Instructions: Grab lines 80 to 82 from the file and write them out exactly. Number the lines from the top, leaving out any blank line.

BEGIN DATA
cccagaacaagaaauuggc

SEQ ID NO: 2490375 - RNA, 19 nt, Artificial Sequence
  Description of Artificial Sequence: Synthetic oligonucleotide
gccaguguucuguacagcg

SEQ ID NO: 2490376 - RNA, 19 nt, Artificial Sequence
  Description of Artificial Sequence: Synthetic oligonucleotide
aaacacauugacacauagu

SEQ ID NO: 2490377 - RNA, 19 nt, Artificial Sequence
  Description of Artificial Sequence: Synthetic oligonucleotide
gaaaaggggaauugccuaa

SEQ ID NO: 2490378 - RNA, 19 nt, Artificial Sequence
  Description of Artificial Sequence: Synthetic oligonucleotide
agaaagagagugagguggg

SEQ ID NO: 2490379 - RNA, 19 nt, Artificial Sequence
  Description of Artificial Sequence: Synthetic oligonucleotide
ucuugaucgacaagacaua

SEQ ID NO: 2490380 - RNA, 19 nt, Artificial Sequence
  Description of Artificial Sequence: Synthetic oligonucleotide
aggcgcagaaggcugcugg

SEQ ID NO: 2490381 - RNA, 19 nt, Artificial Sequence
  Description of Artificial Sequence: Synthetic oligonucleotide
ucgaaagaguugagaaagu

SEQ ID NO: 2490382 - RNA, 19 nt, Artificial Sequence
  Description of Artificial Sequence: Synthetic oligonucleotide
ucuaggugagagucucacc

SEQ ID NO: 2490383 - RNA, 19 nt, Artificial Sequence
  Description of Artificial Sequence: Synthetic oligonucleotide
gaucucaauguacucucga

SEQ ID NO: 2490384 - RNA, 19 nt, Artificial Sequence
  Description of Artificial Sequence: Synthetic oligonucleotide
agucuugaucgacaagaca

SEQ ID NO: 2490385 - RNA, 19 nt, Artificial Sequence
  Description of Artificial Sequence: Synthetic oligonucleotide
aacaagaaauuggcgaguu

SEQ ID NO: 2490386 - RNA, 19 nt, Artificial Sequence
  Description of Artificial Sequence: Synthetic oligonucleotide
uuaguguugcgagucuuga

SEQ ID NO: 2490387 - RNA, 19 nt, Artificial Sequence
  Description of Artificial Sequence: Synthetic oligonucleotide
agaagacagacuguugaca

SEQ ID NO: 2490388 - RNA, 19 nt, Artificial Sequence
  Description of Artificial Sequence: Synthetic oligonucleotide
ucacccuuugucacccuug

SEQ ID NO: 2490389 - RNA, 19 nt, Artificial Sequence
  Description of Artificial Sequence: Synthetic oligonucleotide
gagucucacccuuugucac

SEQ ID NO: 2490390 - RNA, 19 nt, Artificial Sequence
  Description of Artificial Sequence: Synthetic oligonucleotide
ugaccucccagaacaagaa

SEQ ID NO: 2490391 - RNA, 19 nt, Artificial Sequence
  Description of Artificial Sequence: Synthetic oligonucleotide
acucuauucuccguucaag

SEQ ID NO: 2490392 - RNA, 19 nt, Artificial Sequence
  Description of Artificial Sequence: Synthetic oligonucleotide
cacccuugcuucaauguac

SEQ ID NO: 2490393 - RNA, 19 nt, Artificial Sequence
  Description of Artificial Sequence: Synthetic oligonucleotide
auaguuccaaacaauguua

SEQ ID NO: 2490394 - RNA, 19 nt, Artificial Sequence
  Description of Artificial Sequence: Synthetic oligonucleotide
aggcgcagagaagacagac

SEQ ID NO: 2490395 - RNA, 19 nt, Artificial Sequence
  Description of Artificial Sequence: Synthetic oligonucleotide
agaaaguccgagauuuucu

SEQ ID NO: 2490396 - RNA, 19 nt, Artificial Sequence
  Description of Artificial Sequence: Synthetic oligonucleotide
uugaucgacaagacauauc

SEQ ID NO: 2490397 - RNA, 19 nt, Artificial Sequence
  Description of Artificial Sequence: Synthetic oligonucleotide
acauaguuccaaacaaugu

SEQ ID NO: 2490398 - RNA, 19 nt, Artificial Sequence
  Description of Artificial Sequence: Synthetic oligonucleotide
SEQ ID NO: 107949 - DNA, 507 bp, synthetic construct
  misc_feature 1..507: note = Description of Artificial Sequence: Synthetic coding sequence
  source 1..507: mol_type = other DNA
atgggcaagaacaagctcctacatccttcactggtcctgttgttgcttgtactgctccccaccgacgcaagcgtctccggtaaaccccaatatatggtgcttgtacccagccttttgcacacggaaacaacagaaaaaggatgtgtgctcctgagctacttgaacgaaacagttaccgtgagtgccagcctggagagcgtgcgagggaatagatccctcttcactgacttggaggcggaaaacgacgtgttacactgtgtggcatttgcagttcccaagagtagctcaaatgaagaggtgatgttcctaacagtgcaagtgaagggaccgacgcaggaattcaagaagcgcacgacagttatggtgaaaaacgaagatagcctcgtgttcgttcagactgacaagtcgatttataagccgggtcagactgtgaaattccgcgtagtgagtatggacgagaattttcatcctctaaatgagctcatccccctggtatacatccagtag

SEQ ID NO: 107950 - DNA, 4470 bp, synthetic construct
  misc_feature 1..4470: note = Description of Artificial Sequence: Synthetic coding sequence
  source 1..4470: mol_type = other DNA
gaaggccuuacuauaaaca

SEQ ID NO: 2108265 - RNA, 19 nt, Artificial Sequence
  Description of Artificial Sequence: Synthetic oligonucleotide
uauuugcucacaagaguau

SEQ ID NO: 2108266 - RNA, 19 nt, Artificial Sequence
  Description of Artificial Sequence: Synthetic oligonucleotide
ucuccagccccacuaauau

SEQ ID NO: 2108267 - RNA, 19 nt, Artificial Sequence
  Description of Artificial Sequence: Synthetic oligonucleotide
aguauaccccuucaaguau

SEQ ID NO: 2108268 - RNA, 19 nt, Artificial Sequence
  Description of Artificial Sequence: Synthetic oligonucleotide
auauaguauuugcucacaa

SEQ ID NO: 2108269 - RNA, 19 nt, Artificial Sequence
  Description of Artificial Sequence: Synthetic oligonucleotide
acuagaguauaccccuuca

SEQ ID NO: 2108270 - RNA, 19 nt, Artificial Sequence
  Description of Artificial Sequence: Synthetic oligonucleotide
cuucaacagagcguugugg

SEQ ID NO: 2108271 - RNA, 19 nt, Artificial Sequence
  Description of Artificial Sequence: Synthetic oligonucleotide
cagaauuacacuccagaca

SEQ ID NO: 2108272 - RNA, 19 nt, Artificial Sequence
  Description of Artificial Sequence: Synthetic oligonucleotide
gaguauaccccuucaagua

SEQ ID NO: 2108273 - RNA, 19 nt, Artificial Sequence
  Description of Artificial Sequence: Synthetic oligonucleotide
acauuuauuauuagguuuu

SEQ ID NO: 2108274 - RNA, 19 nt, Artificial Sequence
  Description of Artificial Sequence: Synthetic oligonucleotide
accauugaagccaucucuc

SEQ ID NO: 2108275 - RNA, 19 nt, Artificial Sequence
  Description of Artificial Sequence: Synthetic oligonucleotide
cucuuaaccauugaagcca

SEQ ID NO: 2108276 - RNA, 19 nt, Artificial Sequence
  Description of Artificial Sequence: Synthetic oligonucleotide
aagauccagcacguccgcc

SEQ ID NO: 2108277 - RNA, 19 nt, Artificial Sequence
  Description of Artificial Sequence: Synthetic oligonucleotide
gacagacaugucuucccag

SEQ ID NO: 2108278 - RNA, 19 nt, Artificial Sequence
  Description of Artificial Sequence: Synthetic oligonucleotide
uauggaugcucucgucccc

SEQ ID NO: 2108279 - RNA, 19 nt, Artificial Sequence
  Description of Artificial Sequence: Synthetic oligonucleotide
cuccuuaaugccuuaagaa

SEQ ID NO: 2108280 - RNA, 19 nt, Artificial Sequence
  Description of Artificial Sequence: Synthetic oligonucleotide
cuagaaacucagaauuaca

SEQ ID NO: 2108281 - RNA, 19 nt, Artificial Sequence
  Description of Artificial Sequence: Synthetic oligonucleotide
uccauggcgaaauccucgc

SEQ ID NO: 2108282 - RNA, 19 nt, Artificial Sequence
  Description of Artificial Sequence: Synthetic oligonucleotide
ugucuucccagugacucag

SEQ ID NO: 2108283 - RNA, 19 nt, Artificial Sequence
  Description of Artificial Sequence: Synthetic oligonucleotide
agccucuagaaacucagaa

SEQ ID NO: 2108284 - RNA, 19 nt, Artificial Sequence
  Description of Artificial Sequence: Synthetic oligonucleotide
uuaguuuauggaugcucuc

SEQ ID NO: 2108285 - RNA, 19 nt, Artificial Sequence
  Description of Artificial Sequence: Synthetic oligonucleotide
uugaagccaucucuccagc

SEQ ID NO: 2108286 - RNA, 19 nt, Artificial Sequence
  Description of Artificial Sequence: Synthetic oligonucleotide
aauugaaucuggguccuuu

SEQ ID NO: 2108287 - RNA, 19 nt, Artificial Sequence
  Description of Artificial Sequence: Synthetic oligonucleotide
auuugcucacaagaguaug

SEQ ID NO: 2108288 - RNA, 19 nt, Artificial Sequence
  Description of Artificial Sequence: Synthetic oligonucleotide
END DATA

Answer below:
gaaggccuuacuauaaaca

SEQ ID NO: 2108265 - RNA, 19 nt, Artificial Sequence
  Description of Artificial Sequence: Synthetic oligonucleotide